(What does ’Twas the Night Before Christmas mean to you? Leave a comment down below.)
Clement Clarke Moore (1779-1863) wrote the poem “’Twas the Night Before Christmas” in 1822. It is a tradition in many American families to read the poem every Christmas Eve. Here is the familiar beginning portion of it…
“‘Twas the night before Christmas, when all through the house, Not a creature was stirring, not even a mouse; The stockings were hung by the chimney with care, in hopes that St. Nicholas soon would be there; The children were nestled all snug in their beds, while visions of sugar plums danced in their heads…”
Kim and I read this poem to all of our children over the years. As we were bringing out our Christmas decorations this year, I came across our copy of the book we would read the poem from each year. As I looked at it, a thought came rushing over me. “’Twas The Night Before Christmas” would be a great title for a Christmas message rooted in sacred scripture. In fact, I plan on preaching this message at the Christmas Eve candlelight service at our church.
‘Twas the time of year
This is the time of year where we hear all kinds of Christmas sermons. We are generally told to turn in our Bibles to Luke chapter 2 and read about the foundation of Christmas. But is it? The “first Christmas” we read of in the New Testament is not the actual foundation of Christmas. For the foundation, we need to return to the Garden of Eden.
You will remember that Adam and Eve sinned against God. It was not enough for them to be made in the image of God. They wanted to be God and chose to believe the lie of the deceiver, the devil himself.
As we read in Genesis 3:2-7, “Now the serpent was more crafty than any of the wild animals the Lord God had made. He said to the woman, ‘Did God really say, “You must not eat from any tree in the garden?”’ The woman said to the serpent, ‘We may eat fruit from the trees in the garden, but God did say, “You must not eat fruit from the tree that is in the middle of the garden, and you must not touch it, or you will die.”’ ‘You will not certainly die,’ the serpent said to the woman. ‘For God knows that when you eat from it your eyes will be opened, and you will be like God, knowing good and evil.’When the woman saw that the fruit of the tree was good for food and pleasing to the eye, and also desirable for gaining wisdom, she took some and ate it. She also gave some to her husband, who was with her, and he ate it. Then the eyes of both of them were opened, and they realized they were naked; so they sewed fig leaves together and made coverings for themselves.”
From the time of the fall until the first Christmas we read about in Luke chapter 2, we were living in the time I call the “night before Christmas.” We all know that the night is a time of darkness. When Adam and Eve fell, we all fell and the shadow of darkness covered the land. The sin of Adam and Eve was punishable by death (Genesis 2:17). The apostle Paul confirms this by telling us that “the wages of sin is death” (Romans 6:23). God kept his promise as Adam and Eve experienced an instant spiritual death, separation and alienation from God.
When they heard the sound of God walking in the Garden, they hid themselves from him. The intimate fellowship they had experienced from the day God created them was now gone. Day had turned into night. But God, in his mercy, promised that is was not always going to be night. The night before Christmas would one day turn into Christmas day. God’s infinite grace would forever extinguish the dark and dreary night before Christmas by taking upon himself the punishment for our sin…all our sin.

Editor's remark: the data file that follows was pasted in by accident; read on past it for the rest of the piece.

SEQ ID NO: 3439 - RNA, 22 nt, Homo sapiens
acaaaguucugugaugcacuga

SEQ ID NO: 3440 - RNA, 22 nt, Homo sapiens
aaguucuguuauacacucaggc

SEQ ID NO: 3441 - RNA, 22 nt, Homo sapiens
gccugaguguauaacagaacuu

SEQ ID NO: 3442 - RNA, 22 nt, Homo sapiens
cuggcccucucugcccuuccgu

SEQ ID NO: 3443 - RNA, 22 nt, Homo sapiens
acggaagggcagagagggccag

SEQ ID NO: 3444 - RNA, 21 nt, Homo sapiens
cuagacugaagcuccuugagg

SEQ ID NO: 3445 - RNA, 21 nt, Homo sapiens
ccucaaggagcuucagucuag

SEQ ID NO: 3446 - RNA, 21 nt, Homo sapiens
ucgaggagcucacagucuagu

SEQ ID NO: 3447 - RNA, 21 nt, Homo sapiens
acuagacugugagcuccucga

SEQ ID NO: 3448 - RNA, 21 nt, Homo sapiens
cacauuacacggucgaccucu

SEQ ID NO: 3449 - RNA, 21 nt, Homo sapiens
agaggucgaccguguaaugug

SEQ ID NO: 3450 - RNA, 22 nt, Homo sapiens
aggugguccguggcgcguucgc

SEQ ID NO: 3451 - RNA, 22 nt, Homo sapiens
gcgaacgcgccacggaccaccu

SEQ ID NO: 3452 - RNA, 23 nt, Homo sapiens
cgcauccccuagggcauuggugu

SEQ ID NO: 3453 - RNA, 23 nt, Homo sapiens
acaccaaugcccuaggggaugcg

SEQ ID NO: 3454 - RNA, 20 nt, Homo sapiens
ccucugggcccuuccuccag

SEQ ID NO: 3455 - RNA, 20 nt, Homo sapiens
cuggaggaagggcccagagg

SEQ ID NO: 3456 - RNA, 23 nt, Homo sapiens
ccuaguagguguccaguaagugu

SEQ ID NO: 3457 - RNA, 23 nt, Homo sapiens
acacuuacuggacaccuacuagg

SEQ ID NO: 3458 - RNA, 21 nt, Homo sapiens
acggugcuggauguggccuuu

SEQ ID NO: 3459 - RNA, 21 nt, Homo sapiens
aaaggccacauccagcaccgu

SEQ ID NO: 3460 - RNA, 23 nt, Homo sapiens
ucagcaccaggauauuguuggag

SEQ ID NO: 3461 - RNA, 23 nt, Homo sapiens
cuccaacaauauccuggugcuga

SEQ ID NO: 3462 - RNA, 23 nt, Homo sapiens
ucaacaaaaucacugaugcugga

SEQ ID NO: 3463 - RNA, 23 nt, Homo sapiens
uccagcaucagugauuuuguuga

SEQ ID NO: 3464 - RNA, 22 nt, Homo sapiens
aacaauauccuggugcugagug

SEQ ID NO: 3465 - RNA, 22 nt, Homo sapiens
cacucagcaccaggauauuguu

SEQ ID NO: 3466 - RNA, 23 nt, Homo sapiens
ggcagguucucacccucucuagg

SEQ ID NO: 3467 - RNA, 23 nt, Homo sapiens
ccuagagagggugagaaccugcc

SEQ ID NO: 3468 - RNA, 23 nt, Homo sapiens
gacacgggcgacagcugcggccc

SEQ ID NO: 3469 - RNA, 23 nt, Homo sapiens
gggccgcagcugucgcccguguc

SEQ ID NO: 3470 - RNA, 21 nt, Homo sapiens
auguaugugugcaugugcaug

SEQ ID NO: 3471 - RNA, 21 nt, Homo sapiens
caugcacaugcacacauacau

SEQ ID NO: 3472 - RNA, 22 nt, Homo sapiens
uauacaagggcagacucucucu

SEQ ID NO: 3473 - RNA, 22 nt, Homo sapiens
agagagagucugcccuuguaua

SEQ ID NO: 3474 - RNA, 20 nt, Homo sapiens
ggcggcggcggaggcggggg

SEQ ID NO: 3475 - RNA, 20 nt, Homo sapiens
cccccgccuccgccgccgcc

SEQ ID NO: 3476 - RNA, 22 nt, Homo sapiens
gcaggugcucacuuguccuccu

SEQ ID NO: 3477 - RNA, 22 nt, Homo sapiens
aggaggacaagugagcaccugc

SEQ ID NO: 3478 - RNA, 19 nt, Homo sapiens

Genesis 3:15 reads, “And I will put enmity between you and the woman, and between your offspring and hers; he will crush your head, and you will strike his heel.” This promise from God that a Savior was to come and rescue us is the foundation of Christmas. This is the good news of the gospel. But the good news of the gospel doesn’t make sense without the bad news. The light of Christmas day doesn’t make sense without the long dark night that preceded it. But once we understand the dark night humanity was living in since the fall in the Garden of Eden, the “light” of Christmas day is truly “glad tidings of great joy!”
‘Twas the light of Christmas
Jesus is the “Light of the world” and on that first Christmas morning, his light extinguished the dark night. The promise of God had been fulfilled. The Savior had come. Night was over. Day was upon us. Is Jesus your Savior? Have you trusted in him alone, by faith, for your eternal salvation? If you have not, you are still living in the night before Christmas. Acknowledge that you are a great sinner in need of an even greater Savior. Repent of your sin and receive his promised forgiveness. Receive him by faith as your Lord and Savior. Confess with your mouth that Jesus is Lord and believe in your heart that God raised him from the dead, and you will never again experience the night before Christmas. Jesus is the reason for the season and the One who came to eternally extinguish the night before Christmas. Merry Christmas!
This is grace for your race. NEVER FORGET THAT . . . AMEN!
Tommy Boland is the Senior Pastor of Cross Community Church in Deerfield Beach. Worship services are held on Saturdays at 6pm and Sundays at 10:30am., at 841 S.E 2nd Ct., Deerfield Beach. The church website is thecrosscc.org. For more articles by Dr. Tommy Boland, visit goodnewsfl.org/tommy-boland.